Now, onto substantive conversation.

      Regarding Point 3 above, in which you say that it’s “extremely likely that the General Assembly would do anything to improve rural health care”…

      First, you are confusing should should be done, as in, the General Assembly should provide targeted incentives to keep rural hospitals afloat, with what is politically practical to do. The blog post addressed what should be done. That is a necessary step before deciding what can be done.

      Second, I take exception to your argument that it is extremely unlikely that the General Assembly will do anything. Rural areas are disproportionately represented by Republican legislators. I think that Republican legislators, just like Democratic legislators, are intensely interested in making sure their constituents maintain access to health care. If given an alternative to expanding Medicaid, they would welcome it. You have no basis, other than your partisan biases, to suggest otherwise.

      Regarding Point 4 above, in which you say that Virginians have already paid for expanding Medicaid funding, so they might as well get the benefits from it. Yes, that is a strong argument (though hardly conclusive) argument in factor of expanding Medicaid. But it is also irrelevant to the study and blog post. That argument explicitly addresses an entirely different argument for expanding Medicaid — that it would bail out rural hospitals — and only that argument.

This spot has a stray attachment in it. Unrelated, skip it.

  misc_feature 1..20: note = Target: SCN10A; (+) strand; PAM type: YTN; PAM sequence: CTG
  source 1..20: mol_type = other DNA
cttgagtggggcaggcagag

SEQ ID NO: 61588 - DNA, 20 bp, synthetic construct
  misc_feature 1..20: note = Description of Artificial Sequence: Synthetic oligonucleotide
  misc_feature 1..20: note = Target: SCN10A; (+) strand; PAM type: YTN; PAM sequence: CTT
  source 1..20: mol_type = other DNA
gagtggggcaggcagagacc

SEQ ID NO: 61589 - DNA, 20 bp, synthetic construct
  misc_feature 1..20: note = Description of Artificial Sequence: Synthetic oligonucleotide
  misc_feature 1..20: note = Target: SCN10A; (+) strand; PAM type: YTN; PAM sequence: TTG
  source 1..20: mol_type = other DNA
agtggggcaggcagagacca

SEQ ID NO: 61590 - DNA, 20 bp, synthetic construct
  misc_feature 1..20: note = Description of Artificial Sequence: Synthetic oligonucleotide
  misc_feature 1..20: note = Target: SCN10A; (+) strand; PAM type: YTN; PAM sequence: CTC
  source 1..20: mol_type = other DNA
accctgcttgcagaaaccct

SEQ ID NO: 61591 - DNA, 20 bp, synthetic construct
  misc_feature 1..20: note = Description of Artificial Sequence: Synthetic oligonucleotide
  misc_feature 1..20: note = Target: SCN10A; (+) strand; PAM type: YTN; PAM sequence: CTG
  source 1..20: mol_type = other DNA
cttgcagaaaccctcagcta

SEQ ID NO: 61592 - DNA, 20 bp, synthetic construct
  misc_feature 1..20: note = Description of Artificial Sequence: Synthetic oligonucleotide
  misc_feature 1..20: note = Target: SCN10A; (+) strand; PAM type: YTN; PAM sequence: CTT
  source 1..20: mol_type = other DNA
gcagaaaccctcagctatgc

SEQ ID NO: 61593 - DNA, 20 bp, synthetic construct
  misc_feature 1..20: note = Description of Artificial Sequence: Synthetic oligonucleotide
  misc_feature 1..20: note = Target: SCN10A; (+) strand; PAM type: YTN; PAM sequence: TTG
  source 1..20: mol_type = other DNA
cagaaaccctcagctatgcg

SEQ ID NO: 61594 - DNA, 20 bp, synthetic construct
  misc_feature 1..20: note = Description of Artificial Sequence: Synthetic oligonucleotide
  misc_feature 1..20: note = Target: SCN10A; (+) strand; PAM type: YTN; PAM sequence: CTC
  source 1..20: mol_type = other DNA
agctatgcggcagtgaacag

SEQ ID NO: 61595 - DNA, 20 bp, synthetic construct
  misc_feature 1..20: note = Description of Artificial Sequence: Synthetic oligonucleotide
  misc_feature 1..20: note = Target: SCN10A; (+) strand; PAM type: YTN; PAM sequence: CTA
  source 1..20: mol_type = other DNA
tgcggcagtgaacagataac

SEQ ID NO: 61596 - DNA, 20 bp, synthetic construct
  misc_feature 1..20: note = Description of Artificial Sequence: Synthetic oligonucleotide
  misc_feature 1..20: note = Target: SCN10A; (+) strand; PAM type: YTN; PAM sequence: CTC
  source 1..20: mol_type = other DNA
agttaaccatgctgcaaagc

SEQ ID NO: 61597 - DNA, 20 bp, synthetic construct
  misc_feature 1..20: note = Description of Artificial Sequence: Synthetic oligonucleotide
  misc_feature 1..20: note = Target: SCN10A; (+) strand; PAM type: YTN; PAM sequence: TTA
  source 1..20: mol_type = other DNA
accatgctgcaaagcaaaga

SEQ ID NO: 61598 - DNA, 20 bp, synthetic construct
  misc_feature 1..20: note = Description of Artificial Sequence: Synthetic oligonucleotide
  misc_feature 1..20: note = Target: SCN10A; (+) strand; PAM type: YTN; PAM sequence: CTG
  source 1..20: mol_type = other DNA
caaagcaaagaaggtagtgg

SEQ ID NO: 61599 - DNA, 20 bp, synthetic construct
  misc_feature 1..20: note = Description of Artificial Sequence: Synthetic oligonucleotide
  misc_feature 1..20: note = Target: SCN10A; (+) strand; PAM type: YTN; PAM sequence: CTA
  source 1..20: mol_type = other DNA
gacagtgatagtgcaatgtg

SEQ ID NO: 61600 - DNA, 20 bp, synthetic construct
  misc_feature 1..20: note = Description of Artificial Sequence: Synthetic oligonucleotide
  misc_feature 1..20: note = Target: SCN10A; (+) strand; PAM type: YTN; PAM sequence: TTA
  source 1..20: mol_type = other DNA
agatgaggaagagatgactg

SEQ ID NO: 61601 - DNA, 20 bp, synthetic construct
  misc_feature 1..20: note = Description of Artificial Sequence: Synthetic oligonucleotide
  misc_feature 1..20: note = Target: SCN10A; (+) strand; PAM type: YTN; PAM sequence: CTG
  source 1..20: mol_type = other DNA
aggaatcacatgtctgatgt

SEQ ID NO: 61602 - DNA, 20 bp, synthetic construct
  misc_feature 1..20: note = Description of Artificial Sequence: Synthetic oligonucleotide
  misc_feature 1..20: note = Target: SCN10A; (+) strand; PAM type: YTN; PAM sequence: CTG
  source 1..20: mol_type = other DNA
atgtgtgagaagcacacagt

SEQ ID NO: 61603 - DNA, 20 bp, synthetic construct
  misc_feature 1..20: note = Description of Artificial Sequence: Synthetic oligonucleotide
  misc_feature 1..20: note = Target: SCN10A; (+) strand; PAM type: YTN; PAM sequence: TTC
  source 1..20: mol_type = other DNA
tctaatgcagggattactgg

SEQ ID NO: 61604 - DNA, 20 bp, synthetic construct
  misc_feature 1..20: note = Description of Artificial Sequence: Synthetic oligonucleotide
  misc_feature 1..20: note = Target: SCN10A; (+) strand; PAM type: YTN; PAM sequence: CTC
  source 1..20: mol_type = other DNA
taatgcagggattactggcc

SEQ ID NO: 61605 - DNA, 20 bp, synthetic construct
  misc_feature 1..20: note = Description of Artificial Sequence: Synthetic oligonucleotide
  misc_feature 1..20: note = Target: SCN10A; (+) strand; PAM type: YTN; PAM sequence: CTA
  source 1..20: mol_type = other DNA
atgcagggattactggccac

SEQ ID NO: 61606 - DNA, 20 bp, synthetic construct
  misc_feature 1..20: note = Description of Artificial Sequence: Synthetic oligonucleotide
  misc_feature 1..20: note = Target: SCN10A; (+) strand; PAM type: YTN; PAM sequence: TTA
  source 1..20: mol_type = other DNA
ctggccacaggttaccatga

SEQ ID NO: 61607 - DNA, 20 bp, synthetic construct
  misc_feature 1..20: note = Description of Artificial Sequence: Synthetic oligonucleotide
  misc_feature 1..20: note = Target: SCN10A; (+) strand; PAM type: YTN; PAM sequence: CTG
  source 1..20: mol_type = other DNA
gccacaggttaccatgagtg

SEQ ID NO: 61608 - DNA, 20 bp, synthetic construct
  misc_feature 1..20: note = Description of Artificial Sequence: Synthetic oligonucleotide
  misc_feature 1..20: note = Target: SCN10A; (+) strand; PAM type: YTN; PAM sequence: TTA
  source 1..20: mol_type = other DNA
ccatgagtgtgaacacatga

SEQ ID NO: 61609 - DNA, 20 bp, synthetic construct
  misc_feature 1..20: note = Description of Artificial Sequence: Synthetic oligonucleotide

1. TMT – I give you credit – you actually did put forth a much more credible idea than TJI or Jim but the basic premise of “rural” is fundamentally incorrect and you can see this clearly if you look at the Colorado report and our own urban cores in Va where in this very blog we talk about the poverty and education crisis in places like Richmond. Is there any real honest view that we don’t have charity care issues in urban hospitals and other health care facilities – like cancer centers or dialysis centers or rehab facilities?

        that’s the basic problem with many of TJI and Jim Bacon’s premises which are often based on stereotypes and ..sorry to say – just plain ignorance of the facts.

        It’s not that the fact do not exist – they do – look at the Colorado report but use your own intellect to understand that there are also urban core hospitals with large populations of charity care.

        Then we have TJI and Bacon both claiming that subsidies are the answer to the problem – when both vociferously argue against subsidies in general and specifically with regard to ObmaCare.

        The health care issues are not things that suddenly “popped up” .. they’ve been with us a long time and Virginia and TJI have stood by and said and done nothing … not promoted real alternatives but engage ideology like blaming torts on the cost of health care – as if the folks who don’t have insurance and go to the hospitals to get charity care – are not the real issue and ignoring the fact that Va already has capped medical torts.